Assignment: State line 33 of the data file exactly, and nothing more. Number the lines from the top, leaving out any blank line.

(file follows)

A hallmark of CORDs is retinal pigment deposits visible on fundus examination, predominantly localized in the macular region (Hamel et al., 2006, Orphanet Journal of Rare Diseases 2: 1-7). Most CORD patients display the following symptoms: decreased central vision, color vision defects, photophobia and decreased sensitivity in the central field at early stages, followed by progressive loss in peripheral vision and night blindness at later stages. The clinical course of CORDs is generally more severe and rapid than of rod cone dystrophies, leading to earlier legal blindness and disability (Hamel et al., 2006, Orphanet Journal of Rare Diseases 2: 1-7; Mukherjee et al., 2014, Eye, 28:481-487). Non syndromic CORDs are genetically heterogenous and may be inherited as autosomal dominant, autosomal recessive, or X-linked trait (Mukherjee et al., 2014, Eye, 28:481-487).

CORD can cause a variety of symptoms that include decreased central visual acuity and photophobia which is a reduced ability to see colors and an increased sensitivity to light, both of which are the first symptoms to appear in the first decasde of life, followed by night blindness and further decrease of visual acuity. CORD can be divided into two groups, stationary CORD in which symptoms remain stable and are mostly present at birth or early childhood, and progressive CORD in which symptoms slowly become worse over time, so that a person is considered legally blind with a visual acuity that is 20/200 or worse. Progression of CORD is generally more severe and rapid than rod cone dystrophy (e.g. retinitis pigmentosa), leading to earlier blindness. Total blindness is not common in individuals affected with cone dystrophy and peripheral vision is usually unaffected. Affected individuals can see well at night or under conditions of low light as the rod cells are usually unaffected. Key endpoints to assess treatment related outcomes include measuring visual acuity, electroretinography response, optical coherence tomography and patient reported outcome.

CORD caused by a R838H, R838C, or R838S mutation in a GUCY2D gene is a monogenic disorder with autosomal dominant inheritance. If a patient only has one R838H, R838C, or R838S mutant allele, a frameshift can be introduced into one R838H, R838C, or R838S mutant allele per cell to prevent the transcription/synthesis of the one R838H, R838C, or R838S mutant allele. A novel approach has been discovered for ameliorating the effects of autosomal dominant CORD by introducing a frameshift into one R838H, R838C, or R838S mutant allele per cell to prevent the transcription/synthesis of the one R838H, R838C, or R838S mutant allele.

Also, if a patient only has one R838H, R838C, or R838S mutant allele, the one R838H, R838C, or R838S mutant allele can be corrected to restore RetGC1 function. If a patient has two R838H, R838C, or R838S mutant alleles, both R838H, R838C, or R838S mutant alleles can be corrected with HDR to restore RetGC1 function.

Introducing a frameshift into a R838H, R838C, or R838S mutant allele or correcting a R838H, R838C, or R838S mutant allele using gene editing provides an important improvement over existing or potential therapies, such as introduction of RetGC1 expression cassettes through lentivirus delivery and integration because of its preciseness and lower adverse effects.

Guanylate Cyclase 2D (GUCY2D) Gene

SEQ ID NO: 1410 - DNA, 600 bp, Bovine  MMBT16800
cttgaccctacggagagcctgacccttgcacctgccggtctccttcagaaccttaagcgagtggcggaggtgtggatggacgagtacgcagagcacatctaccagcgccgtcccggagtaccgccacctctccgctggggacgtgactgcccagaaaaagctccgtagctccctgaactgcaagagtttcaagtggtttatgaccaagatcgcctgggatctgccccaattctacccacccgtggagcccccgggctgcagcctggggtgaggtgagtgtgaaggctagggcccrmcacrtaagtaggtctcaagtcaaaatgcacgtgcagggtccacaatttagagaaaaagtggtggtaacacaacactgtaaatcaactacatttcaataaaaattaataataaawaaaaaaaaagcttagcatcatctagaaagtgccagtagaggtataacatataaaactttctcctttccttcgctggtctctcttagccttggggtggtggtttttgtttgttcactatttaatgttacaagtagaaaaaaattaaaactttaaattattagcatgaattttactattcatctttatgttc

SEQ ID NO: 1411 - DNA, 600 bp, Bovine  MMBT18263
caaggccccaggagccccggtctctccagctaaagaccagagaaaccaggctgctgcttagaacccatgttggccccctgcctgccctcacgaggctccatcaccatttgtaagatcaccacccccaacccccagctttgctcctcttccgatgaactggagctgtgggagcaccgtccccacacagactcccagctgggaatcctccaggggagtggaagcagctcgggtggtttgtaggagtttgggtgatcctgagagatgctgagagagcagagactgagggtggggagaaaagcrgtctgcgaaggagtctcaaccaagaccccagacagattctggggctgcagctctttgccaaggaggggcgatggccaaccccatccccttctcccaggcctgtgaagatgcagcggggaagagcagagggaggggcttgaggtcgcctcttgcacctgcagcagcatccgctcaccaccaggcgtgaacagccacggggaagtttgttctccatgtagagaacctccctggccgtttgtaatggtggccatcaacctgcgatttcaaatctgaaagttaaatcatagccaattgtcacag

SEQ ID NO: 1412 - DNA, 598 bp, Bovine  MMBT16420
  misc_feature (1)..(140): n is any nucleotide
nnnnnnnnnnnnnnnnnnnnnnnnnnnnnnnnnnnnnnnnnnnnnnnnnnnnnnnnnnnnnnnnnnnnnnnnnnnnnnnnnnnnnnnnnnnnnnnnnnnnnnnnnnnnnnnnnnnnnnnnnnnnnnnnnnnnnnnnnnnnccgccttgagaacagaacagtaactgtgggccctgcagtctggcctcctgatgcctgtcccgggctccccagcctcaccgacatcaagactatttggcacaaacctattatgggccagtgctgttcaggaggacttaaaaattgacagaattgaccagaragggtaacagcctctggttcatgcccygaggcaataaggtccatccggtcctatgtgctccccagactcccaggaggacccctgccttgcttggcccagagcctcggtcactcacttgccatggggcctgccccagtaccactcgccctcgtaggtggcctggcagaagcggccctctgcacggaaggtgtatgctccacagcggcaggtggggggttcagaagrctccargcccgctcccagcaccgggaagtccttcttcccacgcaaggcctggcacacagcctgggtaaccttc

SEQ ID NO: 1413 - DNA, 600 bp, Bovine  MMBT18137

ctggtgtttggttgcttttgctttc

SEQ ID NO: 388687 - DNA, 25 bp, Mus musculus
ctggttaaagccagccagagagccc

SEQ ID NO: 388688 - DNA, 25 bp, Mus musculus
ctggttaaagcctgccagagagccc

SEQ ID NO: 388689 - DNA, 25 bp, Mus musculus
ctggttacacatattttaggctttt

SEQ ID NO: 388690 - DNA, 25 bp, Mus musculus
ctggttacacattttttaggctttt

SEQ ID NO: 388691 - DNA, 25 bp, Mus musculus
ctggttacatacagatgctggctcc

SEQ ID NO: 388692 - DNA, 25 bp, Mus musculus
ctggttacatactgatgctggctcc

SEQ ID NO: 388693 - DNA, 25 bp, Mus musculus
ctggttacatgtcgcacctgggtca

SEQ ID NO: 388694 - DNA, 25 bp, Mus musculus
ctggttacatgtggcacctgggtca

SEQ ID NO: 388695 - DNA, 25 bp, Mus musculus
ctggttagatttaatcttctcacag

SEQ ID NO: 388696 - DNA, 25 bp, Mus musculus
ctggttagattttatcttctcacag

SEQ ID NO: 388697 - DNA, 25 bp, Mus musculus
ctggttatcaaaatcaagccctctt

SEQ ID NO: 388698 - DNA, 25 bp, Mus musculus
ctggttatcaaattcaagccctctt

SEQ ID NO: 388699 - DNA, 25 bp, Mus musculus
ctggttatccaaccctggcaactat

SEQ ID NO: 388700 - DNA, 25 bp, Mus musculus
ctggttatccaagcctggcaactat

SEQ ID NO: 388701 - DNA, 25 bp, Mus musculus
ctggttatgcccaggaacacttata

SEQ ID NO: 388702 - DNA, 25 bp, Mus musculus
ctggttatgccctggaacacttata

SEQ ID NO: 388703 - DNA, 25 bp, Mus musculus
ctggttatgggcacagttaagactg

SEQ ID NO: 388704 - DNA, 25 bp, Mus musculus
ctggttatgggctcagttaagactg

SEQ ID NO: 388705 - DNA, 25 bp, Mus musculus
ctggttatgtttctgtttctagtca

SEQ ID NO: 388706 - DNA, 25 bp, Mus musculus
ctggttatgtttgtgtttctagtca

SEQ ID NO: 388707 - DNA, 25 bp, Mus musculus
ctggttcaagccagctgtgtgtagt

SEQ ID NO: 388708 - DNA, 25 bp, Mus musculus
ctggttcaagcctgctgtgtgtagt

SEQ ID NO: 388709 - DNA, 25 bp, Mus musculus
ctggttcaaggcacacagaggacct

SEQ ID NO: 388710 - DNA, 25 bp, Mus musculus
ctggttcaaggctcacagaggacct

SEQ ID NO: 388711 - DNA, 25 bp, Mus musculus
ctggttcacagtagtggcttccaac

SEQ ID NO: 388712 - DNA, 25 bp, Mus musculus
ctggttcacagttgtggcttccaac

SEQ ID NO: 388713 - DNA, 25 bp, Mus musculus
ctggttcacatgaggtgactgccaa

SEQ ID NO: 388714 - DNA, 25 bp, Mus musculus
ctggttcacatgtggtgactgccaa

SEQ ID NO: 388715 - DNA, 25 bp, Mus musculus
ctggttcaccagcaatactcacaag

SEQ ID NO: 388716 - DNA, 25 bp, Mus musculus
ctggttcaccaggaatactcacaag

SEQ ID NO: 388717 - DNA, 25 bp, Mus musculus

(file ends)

ctggttagatttaatcttctcacag